The UA Reserve Officers' Training Corps Ranger Challenge Team is raising funds to support next year's training and competiion participation. To make a donation, contact Col. Dale Barnett, an Army ROTC professor of military science, at email@example.com.
Following the year in which the University of Arizona Reserve Officers' Training Corps Ranger Challenge Team saw the greatest number of female cadets in its history, the team also had a female captain in Maurissa Wortham.
This year, Wortham led the extracurricular team in competitions against schools from Arizona, Texas, Colorado, New Mexico and elsewhere, ultimately taking a third consecutive victory in the 11-school regionals and finishing at the brigade level in the top five of 36 schools in 5th Brigade. During the brigade competition, which closed last Sunday in Texas, the UA team placed first in the written exam section and at the M16 range.
"It was a huge accomplishment to be in the top five," said Wortham, a UA senior in mechanical engineering.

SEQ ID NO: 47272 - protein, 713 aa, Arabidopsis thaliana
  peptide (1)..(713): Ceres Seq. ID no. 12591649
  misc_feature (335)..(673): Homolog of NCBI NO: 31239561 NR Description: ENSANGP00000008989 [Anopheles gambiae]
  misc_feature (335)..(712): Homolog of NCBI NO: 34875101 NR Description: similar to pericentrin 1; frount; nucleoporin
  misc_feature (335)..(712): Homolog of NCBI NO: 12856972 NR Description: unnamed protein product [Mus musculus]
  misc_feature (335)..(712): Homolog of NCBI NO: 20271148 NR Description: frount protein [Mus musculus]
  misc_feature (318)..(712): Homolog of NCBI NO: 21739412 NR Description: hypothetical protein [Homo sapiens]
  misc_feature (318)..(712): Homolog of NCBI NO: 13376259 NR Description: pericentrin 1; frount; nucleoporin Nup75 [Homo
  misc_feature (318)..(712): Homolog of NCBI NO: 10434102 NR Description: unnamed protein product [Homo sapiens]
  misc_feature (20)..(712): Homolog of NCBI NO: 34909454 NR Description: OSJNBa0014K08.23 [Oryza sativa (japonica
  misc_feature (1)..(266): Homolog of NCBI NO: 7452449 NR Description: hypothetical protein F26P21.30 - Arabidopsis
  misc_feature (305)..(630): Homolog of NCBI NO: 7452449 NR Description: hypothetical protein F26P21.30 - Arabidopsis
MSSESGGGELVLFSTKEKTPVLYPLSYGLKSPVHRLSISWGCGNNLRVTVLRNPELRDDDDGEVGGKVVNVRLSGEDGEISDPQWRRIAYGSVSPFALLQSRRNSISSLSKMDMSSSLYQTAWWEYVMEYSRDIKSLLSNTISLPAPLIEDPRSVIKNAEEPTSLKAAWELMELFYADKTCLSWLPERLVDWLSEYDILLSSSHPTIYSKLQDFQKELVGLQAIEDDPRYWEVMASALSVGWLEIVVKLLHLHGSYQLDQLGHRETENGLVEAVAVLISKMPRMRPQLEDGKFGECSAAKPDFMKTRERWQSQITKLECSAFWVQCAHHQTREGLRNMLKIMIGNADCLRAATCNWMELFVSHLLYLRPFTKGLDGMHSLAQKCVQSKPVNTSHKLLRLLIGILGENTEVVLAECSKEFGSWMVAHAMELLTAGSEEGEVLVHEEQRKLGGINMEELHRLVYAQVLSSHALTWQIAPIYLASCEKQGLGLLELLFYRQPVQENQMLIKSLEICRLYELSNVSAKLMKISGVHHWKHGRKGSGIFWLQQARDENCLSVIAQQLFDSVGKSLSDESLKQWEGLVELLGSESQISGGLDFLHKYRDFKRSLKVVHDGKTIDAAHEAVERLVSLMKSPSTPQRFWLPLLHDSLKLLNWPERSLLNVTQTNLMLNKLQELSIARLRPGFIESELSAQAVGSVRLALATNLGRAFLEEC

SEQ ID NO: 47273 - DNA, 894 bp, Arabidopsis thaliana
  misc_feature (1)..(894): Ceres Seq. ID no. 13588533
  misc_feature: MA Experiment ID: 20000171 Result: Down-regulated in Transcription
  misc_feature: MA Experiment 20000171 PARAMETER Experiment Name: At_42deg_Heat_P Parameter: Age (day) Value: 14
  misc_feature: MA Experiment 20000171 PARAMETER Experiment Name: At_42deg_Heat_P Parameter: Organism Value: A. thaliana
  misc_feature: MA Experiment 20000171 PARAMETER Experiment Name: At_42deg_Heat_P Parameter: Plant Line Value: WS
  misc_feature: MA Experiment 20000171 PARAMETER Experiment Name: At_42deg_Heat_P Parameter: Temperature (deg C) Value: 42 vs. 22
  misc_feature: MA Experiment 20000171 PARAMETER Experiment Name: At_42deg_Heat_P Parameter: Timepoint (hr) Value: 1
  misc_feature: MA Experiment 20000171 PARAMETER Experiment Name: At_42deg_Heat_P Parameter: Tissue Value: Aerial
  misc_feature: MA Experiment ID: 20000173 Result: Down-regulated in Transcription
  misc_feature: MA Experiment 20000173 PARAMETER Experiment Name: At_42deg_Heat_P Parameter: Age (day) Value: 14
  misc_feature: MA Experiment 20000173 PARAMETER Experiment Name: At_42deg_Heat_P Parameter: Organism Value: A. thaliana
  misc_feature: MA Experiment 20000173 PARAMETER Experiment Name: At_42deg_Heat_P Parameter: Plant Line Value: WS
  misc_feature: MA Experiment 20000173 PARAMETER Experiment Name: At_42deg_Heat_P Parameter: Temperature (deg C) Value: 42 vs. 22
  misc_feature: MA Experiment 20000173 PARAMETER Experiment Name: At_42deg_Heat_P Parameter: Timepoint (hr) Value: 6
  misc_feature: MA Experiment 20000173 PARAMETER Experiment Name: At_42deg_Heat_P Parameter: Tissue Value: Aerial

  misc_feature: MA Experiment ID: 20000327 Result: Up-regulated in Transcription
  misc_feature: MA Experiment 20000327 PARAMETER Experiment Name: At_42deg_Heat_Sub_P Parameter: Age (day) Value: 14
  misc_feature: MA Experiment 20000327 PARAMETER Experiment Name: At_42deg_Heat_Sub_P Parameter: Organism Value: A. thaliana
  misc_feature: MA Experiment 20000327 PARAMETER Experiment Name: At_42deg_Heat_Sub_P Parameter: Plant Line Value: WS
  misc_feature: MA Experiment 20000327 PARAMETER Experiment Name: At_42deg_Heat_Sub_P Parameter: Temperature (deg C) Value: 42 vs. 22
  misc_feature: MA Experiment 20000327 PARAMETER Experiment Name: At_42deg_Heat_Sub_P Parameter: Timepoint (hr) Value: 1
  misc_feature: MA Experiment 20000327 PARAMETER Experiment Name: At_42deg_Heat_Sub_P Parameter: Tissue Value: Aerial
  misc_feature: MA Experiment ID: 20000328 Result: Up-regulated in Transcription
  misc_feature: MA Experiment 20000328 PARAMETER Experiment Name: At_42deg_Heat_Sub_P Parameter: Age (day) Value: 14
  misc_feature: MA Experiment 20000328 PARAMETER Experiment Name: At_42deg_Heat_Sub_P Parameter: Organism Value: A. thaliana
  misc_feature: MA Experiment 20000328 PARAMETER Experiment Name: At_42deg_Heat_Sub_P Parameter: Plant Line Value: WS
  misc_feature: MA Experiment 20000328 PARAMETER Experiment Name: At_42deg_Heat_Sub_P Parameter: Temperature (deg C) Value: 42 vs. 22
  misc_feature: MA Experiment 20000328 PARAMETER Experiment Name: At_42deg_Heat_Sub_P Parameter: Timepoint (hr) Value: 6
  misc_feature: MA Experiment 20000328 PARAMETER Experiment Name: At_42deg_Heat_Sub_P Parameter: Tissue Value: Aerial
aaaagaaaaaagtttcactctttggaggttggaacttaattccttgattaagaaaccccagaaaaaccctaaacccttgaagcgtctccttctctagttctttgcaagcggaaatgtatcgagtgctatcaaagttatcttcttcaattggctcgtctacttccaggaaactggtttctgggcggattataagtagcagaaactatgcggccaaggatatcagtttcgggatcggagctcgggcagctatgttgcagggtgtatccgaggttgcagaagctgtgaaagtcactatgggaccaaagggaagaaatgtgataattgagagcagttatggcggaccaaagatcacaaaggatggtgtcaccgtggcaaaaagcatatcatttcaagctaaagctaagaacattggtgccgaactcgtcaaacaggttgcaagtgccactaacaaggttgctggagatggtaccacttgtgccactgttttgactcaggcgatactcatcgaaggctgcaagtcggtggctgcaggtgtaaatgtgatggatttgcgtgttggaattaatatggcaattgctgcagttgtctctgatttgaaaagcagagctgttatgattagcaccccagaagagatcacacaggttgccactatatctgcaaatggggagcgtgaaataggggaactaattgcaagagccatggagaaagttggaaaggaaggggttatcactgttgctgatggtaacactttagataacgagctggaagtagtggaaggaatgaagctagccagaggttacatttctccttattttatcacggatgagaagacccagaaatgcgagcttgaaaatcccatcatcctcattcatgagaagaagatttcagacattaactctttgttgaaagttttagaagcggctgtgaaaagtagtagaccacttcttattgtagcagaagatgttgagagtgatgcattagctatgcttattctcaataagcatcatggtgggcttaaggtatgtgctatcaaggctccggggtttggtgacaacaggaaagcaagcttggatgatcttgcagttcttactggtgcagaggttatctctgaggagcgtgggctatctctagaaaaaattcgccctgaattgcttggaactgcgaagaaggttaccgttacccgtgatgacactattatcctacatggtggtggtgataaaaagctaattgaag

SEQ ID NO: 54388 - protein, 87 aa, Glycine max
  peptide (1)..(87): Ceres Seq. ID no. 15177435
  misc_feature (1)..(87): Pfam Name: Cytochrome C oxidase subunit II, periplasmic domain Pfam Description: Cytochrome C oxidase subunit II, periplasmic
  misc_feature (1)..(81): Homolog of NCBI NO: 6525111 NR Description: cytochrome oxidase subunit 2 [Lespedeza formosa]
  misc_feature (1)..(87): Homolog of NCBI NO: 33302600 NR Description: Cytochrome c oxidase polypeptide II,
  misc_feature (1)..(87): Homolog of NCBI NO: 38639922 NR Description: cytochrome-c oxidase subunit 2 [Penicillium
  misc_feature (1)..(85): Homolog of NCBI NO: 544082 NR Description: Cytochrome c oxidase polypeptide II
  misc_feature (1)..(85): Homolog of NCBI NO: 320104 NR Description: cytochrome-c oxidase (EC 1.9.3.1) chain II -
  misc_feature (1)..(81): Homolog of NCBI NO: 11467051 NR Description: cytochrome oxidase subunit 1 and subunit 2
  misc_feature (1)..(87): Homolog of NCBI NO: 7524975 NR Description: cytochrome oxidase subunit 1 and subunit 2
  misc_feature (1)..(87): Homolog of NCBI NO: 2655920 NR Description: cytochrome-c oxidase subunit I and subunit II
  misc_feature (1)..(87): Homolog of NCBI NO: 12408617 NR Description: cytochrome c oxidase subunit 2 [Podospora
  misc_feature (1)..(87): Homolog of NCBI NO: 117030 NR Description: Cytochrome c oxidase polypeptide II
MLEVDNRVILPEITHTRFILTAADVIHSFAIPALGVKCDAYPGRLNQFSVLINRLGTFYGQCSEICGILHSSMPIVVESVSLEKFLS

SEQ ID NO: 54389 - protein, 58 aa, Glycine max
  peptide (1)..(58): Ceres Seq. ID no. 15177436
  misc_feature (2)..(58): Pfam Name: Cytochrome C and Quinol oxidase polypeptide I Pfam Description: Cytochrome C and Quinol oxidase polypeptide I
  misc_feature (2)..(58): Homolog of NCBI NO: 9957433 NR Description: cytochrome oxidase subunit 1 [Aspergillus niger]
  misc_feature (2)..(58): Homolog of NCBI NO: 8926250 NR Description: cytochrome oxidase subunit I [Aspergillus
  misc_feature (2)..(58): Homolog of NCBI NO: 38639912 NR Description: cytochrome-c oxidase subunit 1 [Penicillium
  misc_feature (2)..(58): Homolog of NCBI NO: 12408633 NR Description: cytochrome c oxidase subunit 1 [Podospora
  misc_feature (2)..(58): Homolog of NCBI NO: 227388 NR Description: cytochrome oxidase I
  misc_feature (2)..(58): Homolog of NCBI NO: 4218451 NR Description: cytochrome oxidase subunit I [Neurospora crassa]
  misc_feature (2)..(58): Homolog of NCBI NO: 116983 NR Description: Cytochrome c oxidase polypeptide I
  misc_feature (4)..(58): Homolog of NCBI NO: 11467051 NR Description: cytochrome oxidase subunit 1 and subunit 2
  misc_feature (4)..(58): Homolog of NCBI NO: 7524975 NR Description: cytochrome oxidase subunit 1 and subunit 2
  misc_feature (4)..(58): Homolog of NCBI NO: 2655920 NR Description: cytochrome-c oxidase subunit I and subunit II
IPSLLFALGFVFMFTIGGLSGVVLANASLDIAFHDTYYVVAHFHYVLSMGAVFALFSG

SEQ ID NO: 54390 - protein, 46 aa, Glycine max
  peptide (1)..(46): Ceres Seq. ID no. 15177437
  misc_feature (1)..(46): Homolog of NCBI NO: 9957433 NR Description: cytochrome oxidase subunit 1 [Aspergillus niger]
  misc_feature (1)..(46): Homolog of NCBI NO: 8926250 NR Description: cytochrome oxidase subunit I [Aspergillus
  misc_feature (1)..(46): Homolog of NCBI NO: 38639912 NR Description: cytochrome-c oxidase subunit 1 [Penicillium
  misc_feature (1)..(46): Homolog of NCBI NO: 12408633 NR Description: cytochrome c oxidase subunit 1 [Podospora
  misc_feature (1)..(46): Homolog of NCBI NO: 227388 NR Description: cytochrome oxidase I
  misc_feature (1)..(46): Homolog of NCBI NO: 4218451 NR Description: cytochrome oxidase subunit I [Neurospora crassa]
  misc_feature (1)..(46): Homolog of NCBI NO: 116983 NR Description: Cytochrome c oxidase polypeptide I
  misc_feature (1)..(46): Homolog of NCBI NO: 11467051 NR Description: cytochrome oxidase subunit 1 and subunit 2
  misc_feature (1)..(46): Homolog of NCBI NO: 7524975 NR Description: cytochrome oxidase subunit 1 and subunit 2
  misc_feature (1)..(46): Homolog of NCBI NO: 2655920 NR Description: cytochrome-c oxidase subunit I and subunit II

"We have mostly freshmen and sophomores, which is unusual. So, I am so proud of the team," she said. "Usually, to operate at such a high level, you have people with similar experiences and the same understanding. But this shows that we have had really strong upperclassman leadership."
And in a male-dominated sport, the UA team also has "a strong female presence," Wortham said. "We're not used to seeing that. I don't understand what's in the water here." In 2011, then-UA student Sarah Blakeley also served as a captain.
As team captain, Wortham has led the co-ed team of 10 cadets in physical fitness training as well as technical and tactical skills development — all supplementing the in-class instruction members received. Another female, Marissa Rives, served as the captain for a secondary group of emergent team members who did not compete but spent the term focusing on skills development.
Team-captain aspirations were not in the plans for Wortham, who just completed her third year on the UA Ranger Challenge team. In fact, the position does not come by application but by appointment, with UA ROTC leadership each year selecting the lead.